Strategizing Global Cooperation

Global cooperation over the past 70 years has been a critical component of global prosperity. 

In the globalized and inter-connected world of today, no country is shielded from the events emanating from outside of its geographical frontiers. The first two decades of this century have seen three major global disruptive events – the Global Financial Crisis, COVID-19 pandemic, and the War in Ukraine. One thing common between them is their local origins, but global reverberations. 

Common Challenges and Evolving Dynamics of Global Cooperation

The COVID-19 pandemic is a strong reminder of how countries cannot operate in isolation. Sharing of early warnings, relevant data / information and technical know-show is necessary if we are to prevent the next pandemic. 

Countries continue to tackle the common challenges of geopolitical turmoil, slowing economic growth, rising inflation, tight fiscal conditions, rising inequalities, rapid climate change, and disruptive technological advancements. As interconnected nations tackle these common challenges, there is an opportunity to reimagine, reboot, and reset global cooperation and partnerships for achieving global prosperity. There is also a need to update some of the normative frameworks. Such as classifying food as a global merit good which can help avert episodes of hunger affecting a number of countries. 

Some areas are seeing global cooperation emerging amongst new partners. While in some areas stress and deficit is a reality, and competition and conflict are overshadowing cooperation. 

Climate Change and Technology Cooperation

In tackling climate change, where global cooperation is a sine qua non, there seems to be an increasing division between the developed and the developing world. The flow of clean technology and green finance from where it is available to where it is needed seem to be currently broken due to limited cooperation. 

Technology is witnessing a potent mix of cooperation and competition. Like-minded nations are looking to cooperate on technology through platforms like Quadrilateral Security Dialogue (QUAD) and the proposed D-10 (coalition of ten democracies to diversify technology supply chains). On the other hand, competition is driving more nations to look inwards to domestically build critical technologies and to also impose restrictions on who the technology can be shared with.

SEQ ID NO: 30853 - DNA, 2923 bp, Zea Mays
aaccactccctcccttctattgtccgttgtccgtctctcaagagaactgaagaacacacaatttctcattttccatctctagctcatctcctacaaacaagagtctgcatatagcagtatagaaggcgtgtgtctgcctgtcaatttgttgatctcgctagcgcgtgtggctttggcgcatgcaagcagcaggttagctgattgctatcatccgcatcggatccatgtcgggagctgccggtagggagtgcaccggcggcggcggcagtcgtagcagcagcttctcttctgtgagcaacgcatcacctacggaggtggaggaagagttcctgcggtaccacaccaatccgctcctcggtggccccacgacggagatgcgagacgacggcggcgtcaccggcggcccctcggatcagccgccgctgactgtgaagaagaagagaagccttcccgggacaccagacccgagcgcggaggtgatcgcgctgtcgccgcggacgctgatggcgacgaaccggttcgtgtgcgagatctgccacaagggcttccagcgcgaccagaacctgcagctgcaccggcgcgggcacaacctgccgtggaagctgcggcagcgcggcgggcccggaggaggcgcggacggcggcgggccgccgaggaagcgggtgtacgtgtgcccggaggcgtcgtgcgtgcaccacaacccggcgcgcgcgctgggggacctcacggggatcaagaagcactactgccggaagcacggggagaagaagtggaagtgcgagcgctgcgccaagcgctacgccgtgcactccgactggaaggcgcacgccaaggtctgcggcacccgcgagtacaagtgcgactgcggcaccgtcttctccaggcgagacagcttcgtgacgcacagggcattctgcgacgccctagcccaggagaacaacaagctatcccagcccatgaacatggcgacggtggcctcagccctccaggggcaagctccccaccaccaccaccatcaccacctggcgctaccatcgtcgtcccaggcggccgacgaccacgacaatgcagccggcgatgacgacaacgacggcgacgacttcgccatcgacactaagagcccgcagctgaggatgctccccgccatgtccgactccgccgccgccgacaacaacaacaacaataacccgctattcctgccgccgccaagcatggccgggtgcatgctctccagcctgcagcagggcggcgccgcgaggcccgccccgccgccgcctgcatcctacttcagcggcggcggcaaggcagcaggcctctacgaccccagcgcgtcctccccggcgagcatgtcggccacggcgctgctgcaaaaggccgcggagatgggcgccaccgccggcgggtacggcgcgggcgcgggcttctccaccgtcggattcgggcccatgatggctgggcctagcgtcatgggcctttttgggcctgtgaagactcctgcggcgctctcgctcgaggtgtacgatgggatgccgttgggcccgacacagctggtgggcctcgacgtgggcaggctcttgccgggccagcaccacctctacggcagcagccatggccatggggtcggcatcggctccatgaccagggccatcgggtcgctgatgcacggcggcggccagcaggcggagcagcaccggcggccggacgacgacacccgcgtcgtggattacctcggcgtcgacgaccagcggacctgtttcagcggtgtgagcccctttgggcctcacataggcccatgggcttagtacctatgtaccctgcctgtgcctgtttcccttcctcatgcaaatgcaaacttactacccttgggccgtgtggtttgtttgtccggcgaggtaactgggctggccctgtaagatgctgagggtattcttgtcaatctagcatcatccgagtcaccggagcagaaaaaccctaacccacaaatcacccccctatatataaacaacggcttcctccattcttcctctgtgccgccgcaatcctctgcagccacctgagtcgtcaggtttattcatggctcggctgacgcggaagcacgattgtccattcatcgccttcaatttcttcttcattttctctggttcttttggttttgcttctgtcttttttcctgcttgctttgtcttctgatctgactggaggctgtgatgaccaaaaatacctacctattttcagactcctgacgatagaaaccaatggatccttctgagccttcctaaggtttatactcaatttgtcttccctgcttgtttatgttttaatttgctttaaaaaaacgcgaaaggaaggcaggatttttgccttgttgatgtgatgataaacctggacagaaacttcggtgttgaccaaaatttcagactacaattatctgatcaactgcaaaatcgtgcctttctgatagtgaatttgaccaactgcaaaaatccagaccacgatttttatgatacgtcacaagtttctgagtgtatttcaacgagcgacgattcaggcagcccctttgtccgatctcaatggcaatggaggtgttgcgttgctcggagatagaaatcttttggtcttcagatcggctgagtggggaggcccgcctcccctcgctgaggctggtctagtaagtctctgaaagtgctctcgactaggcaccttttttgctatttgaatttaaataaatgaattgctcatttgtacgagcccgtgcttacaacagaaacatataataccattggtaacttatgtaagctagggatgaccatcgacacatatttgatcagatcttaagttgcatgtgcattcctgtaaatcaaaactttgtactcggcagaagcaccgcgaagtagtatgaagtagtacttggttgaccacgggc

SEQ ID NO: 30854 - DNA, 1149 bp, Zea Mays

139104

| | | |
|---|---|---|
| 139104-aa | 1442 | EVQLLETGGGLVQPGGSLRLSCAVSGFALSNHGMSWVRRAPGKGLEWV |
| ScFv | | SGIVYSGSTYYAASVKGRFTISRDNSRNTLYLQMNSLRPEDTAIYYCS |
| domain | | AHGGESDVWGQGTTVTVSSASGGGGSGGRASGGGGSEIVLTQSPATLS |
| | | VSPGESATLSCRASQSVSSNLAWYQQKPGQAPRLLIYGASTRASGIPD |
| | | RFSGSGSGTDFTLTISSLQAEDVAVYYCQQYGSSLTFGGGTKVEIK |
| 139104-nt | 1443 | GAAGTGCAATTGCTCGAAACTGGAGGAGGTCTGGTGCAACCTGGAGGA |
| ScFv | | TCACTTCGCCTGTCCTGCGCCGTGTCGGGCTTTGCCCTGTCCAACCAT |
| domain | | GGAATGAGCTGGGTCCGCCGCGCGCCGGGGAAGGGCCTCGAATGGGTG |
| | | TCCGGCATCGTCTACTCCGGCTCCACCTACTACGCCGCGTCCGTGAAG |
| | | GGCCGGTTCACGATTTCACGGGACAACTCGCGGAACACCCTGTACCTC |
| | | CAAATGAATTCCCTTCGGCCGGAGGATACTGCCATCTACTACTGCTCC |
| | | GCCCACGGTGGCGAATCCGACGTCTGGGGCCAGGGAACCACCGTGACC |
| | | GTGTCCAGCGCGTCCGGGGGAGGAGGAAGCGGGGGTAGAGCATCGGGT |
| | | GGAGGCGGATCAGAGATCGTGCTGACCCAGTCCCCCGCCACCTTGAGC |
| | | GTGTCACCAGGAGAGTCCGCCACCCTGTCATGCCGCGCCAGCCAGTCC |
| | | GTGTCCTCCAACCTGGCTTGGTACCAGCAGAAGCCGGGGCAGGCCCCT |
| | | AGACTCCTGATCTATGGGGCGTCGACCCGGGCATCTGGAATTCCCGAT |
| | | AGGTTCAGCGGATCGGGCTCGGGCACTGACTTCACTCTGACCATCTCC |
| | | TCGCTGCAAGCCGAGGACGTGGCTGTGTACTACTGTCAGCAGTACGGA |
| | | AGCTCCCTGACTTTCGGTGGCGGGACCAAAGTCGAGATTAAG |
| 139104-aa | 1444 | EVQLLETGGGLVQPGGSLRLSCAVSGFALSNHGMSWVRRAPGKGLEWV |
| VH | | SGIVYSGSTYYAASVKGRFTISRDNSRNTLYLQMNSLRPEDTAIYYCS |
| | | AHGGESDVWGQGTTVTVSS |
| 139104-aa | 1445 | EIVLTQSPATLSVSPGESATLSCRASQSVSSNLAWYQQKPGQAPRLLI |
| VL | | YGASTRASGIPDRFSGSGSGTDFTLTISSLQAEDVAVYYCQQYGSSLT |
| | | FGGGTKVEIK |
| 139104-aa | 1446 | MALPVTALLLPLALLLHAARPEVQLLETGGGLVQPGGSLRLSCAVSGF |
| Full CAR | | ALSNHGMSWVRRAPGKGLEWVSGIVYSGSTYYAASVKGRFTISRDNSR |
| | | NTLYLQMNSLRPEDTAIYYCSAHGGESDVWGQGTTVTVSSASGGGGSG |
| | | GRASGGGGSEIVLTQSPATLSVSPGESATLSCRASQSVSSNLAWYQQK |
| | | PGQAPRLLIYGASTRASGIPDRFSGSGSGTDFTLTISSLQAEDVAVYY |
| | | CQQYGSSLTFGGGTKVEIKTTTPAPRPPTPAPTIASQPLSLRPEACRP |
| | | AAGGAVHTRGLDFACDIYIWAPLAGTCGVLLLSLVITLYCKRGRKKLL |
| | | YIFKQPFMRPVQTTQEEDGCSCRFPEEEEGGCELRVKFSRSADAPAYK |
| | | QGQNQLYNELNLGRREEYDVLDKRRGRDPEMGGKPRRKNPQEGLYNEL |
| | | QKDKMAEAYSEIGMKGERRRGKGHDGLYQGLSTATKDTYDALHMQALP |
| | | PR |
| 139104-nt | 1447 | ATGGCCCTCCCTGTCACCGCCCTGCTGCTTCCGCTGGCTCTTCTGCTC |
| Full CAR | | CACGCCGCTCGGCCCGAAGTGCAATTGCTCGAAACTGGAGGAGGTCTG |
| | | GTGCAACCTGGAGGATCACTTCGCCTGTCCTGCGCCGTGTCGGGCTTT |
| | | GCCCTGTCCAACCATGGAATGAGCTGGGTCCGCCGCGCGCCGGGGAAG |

As data becomes increasingly diffused, there are concerns over privacy and national security. 

Economic Interdependence

In the modern economic system where countries exchange not only final goods but also intermediates, the whole world is intricately linked through a network of economic transactions. Thus, there is no good alternative to global cooperation in ensuring that the benefits of economic progress are maximized for all. 

While regional groupings and issue-based coalitions of the willing and like-minded nations can help address some of the challenges, the rebooting of global cooperation is imperative for tackling global challenges and achieving global prosperity. This will have to be a mix of cooperation not only at the G2G level, but also amongst international bodies, private sector, and civil society. 

India’s Role in Global Cooperation

India’s Presidency of the G20 serves as a landmark moment in this context. The G20 Summit was formed fifteen years ago when countries joined hands to coordinate their macroeconomic policies to ensure that the Great Recession did not become another Great Depression. The bringing together of major advanced economies along with big emerging economies at the Summit in November 2008 in response to a crisis symbolized the spirit of global cooperation. 

India’s Presidency of G20 and the also the Presidency of the Shanghai Cooperation Organization (SCO) are well complemented by India’s leadership in building global cooperation for green energy transition and climate resilience through the founding and spearheading of the International Solar Alliance (ISA) and the Coalition for Disaster Resilient Infrastructure (CDRI). Through its diplomacy India has emerged as a voice of the developing world, and a voice that matters on global issues.

What changes are required in the global institutional architecture for effectively preventing and tackling global challenges be it health, security, climate change, technology, or economic growth? Can regional groupings and groupings of like-minded nations be potent enough to replace them? What role can nations like India play in achieving this?

Find out at the Global Economic Policy Forum 2023

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